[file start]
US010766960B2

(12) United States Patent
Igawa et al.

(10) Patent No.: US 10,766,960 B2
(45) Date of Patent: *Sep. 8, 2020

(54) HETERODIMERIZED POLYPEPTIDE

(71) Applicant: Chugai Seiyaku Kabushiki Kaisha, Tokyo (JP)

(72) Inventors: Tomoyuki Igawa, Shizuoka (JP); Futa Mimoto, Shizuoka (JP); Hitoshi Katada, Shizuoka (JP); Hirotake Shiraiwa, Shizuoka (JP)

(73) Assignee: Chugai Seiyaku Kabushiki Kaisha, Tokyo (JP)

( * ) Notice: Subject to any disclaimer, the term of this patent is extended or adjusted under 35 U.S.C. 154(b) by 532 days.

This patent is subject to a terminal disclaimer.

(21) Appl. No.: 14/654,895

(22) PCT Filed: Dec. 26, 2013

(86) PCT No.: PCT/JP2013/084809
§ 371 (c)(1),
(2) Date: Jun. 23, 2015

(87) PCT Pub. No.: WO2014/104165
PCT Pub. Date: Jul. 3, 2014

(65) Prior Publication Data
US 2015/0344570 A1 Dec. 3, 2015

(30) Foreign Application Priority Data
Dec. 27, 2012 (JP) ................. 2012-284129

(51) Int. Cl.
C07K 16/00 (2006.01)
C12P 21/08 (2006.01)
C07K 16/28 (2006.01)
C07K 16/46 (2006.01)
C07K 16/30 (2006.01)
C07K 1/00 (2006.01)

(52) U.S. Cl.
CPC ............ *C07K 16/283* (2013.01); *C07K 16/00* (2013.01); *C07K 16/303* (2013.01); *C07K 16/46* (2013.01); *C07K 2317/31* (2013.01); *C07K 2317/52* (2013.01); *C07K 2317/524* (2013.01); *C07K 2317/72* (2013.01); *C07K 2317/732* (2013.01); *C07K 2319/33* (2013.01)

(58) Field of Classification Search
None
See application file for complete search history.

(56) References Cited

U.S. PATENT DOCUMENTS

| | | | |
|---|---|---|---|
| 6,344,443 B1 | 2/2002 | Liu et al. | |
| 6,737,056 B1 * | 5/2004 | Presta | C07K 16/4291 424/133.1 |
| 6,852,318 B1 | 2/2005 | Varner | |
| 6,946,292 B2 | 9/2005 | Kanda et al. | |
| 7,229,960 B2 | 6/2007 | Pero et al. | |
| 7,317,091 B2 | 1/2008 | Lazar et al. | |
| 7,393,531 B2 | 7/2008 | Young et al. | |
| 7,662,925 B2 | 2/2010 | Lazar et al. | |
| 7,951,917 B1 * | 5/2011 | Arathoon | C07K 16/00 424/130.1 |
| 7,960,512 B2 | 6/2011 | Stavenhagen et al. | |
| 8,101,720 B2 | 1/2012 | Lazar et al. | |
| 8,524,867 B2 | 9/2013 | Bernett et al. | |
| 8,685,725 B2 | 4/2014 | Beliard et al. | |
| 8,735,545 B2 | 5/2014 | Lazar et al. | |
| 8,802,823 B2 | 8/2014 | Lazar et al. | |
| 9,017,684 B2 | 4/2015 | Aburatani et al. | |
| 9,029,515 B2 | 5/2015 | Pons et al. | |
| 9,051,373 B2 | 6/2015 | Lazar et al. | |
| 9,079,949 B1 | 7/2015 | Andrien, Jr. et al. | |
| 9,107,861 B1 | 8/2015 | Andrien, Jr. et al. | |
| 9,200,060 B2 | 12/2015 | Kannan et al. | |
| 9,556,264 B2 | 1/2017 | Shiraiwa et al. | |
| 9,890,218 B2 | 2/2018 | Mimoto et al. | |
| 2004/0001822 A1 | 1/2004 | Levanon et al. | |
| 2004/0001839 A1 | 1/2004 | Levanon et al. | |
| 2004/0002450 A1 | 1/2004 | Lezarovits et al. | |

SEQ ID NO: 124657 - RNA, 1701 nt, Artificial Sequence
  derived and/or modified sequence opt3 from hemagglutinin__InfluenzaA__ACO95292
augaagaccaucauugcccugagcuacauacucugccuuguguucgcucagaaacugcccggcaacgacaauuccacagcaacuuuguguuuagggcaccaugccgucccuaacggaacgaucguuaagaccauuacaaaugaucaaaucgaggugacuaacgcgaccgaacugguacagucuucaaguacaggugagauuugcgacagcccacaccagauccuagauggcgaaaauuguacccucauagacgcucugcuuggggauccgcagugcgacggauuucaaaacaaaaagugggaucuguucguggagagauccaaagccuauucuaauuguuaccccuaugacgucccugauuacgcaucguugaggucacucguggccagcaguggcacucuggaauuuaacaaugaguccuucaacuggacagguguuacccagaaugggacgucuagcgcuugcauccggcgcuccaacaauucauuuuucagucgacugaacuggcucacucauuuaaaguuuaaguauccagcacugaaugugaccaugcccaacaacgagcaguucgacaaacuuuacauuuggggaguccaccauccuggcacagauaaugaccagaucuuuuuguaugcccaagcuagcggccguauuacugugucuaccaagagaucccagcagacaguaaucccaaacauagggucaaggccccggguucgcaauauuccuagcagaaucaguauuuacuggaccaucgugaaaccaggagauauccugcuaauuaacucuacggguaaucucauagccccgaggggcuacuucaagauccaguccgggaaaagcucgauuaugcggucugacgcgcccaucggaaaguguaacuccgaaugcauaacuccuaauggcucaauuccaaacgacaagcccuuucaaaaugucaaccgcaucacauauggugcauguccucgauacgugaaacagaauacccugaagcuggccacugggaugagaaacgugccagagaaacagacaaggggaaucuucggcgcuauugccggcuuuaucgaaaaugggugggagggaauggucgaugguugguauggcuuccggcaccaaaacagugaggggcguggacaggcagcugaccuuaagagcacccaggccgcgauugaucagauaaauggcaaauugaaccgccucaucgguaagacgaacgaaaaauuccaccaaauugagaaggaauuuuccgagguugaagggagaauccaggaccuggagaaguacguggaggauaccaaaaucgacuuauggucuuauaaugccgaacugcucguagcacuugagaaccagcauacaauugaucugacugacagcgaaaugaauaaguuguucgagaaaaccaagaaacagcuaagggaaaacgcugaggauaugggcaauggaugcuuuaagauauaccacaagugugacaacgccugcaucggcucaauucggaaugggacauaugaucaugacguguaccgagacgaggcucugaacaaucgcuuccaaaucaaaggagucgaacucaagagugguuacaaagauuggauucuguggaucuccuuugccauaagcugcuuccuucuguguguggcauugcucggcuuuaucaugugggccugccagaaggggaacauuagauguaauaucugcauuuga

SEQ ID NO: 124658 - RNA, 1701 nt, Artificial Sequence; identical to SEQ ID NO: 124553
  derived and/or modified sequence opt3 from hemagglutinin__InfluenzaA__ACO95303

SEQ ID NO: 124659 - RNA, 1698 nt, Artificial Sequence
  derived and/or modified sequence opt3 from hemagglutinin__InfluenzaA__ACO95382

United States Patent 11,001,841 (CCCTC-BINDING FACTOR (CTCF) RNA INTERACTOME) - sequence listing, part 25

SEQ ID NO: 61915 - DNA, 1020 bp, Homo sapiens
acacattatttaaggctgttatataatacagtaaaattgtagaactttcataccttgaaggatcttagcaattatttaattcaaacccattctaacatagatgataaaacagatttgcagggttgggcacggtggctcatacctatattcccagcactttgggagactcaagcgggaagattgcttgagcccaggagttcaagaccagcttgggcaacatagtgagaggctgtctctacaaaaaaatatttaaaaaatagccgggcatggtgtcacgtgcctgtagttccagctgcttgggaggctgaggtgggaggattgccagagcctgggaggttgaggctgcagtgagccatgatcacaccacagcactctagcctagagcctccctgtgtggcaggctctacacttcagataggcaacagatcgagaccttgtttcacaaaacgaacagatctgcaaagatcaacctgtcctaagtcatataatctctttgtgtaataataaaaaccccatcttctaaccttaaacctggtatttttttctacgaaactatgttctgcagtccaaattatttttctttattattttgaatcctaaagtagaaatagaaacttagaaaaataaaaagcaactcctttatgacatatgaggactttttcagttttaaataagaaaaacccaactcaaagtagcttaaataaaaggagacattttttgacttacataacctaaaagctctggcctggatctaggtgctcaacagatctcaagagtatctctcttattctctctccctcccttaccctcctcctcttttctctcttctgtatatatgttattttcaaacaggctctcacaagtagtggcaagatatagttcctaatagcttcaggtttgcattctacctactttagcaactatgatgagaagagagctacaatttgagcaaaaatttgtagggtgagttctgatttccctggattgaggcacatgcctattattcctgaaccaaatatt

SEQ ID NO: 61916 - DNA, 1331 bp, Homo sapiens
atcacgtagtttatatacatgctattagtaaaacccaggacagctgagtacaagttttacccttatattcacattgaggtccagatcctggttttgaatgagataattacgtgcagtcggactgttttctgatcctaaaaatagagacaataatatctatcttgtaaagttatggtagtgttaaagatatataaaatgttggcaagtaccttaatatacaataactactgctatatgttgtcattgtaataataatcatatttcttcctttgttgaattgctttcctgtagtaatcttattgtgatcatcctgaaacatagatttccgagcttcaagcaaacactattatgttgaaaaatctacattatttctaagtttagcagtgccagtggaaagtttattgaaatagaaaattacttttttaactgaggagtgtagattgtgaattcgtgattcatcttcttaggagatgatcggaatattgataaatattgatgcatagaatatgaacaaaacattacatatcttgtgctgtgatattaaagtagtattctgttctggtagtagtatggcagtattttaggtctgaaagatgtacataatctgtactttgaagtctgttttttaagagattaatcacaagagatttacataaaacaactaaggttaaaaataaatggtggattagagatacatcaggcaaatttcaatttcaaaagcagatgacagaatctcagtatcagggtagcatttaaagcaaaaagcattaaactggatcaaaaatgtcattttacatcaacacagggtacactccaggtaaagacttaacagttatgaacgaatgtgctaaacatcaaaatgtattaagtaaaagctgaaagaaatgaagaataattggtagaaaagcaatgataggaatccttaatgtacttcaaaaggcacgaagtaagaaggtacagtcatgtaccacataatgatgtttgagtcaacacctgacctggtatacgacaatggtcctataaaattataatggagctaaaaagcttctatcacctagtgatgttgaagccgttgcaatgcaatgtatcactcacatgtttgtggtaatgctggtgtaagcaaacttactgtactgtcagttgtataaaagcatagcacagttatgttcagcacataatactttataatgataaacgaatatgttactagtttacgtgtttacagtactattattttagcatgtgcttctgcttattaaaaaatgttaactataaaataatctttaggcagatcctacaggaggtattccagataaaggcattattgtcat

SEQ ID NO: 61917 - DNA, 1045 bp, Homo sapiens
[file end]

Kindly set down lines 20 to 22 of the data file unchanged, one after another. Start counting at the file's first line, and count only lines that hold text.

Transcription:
US 2015/0344570 A1 Dec. 3, 2015

(30) Foreign Application Priority Data
Dec. 27, 2012 (JP) ................. 2012-284129